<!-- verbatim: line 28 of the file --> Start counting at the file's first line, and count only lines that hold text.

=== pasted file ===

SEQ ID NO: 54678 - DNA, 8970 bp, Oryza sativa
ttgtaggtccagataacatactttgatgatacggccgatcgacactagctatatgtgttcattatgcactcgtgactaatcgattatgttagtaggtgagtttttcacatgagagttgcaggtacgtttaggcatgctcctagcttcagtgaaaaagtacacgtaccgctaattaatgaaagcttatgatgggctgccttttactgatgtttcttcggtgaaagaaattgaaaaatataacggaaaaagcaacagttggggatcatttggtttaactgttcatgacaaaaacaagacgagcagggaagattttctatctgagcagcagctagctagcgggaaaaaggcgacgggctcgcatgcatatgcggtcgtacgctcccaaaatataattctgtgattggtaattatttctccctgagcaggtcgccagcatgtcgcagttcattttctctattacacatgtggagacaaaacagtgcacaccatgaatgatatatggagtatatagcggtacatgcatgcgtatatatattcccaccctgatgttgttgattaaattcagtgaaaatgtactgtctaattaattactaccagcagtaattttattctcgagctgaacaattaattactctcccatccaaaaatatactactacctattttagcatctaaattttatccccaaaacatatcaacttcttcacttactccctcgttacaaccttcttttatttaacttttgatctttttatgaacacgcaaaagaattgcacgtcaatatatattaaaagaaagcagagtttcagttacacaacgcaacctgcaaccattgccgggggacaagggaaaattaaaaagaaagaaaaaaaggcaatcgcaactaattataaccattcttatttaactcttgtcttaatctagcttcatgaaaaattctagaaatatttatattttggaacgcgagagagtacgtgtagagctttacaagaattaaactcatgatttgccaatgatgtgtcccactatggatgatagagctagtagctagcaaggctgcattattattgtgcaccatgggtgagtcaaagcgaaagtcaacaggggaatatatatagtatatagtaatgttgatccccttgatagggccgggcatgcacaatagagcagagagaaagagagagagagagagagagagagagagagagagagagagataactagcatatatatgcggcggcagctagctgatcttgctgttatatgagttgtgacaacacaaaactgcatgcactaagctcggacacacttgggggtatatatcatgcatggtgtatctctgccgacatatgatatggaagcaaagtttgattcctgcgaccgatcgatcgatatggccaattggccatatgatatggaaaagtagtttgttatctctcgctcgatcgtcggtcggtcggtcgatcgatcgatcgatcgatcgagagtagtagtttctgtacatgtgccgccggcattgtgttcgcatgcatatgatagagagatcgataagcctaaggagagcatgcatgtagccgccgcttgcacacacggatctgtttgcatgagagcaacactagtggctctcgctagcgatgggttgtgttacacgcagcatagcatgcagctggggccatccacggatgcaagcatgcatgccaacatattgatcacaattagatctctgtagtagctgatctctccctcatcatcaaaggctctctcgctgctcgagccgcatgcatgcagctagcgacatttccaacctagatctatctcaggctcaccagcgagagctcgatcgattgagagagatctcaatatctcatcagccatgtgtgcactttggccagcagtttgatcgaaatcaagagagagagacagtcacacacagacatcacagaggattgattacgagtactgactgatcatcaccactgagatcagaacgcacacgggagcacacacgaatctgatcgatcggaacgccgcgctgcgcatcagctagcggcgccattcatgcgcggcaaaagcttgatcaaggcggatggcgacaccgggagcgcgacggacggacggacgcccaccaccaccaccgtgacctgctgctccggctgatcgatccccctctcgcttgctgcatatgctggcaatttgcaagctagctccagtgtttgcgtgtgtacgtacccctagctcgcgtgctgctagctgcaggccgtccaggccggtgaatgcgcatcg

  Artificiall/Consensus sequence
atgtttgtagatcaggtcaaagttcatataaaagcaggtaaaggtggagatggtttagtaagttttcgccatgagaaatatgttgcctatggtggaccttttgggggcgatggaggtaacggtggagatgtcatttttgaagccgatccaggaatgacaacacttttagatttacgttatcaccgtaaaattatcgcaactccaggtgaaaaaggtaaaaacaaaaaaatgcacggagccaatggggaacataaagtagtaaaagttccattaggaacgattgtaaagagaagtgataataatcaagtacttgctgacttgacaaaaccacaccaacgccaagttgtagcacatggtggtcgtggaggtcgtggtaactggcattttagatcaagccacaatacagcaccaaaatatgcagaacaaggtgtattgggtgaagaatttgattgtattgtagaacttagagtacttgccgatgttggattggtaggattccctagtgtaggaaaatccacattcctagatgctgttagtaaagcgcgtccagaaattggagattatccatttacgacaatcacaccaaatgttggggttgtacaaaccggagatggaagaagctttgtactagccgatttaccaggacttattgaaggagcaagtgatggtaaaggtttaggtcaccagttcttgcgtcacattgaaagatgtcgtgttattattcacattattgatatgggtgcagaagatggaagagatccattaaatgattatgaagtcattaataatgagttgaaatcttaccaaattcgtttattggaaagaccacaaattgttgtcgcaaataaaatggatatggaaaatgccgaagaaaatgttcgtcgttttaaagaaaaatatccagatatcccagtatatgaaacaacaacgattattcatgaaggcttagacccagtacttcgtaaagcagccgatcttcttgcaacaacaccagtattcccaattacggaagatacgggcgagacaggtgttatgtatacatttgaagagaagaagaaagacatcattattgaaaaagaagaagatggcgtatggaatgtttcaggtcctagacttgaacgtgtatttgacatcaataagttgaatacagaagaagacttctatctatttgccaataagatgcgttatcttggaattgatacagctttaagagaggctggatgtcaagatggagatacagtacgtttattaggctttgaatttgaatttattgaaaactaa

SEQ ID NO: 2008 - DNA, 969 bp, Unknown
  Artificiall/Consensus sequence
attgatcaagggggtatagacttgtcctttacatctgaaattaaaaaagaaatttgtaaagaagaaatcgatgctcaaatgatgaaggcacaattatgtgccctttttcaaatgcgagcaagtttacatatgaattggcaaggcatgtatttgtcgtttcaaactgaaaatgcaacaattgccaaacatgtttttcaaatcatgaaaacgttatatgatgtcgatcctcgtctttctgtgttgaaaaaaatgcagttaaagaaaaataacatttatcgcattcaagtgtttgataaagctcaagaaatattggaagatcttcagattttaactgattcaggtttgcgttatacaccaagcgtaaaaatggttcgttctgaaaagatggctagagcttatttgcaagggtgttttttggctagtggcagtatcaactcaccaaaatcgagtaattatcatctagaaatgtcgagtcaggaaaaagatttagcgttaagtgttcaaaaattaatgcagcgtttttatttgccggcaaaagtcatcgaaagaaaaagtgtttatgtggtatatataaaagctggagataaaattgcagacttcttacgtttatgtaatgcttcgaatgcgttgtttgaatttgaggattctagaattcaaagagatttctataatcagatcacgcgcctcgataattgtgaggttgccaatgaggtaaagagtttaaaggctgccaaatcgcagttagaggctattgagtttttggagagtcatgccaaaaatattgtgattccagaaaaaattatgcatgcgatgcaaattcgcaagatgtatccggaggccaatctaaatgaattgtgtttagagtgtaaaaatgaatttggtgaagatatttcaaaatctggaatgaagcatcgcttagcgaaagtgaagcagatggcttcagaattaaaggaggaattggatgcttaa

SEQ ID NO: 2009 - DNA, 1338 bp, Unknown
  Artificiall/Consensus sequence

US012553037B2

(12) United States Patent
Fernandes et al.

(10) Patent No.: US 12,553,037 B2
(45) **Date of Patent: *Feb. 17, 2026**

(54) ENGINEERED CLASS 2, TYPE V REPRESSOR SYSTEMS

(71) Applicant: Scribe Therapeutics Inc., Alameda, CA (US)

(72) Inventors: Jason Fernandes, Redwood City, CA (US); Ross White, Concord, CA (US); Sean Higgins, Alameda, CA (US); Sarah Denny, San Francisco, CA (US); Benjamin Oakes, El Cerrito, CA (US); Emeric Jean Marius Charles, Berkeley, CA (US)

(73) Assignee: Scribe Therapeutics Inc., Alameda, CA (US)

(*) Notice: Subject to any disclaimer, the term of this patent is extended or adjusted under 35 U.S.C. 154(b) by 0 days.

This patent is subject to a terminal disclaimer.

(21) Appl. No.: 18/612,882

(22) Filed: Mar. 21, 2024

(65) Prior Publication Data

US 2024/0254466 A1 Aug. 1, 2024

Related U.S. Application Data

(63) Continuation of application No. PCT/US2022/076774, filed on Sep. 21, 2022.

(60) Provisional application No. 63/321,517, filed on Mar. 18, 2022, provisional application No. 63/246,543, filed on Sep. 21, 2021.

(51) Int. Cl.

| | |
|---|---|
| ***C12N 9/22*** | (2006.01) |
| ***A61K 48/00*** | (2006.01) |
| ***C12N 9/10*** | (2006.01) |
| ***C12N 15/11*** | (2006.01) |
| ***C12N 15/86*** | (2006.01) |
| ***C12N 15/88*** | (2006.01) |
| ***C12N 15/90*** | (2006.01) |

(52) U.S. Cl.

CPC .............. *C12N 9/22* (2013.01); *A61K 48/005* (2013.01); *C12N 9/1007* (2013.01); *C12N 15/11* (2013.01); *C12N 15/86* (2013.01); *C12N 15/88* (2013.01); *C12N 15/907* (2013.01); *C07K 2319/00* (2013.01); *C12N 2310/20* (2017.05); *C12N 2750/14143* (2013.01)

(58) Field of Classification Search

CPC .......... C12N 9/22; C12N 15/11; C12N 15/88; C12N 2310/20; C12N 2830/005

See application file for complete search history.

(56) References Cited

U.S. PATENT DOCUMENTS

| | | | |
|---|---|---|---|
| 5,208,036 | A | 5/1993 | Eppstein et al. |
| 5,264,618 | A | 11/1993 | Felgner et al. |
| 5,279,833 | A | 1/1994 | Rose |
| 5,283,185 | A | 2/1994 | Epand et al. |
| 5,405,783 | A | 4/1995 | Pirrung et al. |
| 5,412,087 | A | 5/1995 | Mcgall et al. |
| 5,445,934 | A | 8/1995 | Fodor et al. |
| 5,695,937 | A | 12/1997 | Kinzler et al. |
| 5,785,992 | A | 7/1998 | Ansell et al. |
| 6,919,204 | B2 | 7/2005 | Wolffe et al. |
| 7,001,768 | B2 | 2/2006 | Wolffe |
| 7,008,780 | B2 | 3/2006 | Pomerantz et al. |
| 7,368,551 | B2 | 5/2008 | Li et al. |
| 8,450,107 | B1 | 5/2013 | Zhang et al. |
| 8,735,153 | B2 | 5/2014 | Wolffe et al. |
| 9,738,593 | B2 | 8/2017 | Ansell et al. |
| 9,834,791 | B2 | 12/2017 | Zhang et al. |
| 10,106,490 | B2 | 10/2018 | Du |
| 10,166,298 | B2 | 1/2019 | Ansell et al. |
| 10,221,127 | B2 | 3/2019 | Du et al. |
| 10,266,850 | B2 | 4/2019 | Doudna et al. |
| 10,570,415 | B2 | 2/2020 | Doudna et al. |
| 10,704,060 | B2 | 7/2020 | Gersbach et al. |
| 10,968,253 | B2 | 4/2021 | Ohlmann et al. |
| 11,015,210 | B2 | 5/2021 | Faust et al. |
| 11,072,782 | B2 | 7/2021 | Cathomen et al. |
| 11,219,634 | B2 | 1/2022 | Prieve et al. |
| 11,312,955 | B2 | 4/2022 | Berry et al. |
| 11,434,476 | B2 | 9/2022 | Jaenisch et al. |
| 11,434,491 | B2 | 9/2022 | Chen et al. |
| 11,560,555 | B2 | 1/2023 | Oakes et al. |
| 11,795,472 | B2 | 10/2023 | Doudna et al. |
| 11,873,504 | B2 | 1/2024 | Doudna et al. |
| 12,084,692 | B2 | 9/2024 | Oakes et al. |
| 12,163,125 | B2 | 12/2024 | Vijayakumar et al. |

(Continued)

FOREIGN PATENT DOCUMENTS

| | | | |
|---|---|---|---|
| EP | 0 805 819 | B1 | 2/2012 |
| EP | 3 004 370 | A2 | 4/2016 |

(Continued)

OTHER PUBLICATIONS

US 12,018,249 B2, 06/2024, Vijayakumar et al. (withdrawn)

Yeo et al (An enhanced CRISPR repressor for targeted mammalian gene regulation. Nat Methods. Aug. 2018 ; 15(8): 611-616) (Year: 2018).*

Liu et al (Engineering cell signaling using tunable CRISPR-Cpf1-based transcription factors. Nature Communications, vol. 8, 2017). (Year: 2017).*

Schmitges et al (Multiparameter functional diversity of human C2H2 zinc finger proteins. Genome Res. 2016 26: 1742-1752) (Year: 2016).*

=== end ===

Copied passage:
(51) Int. Cl.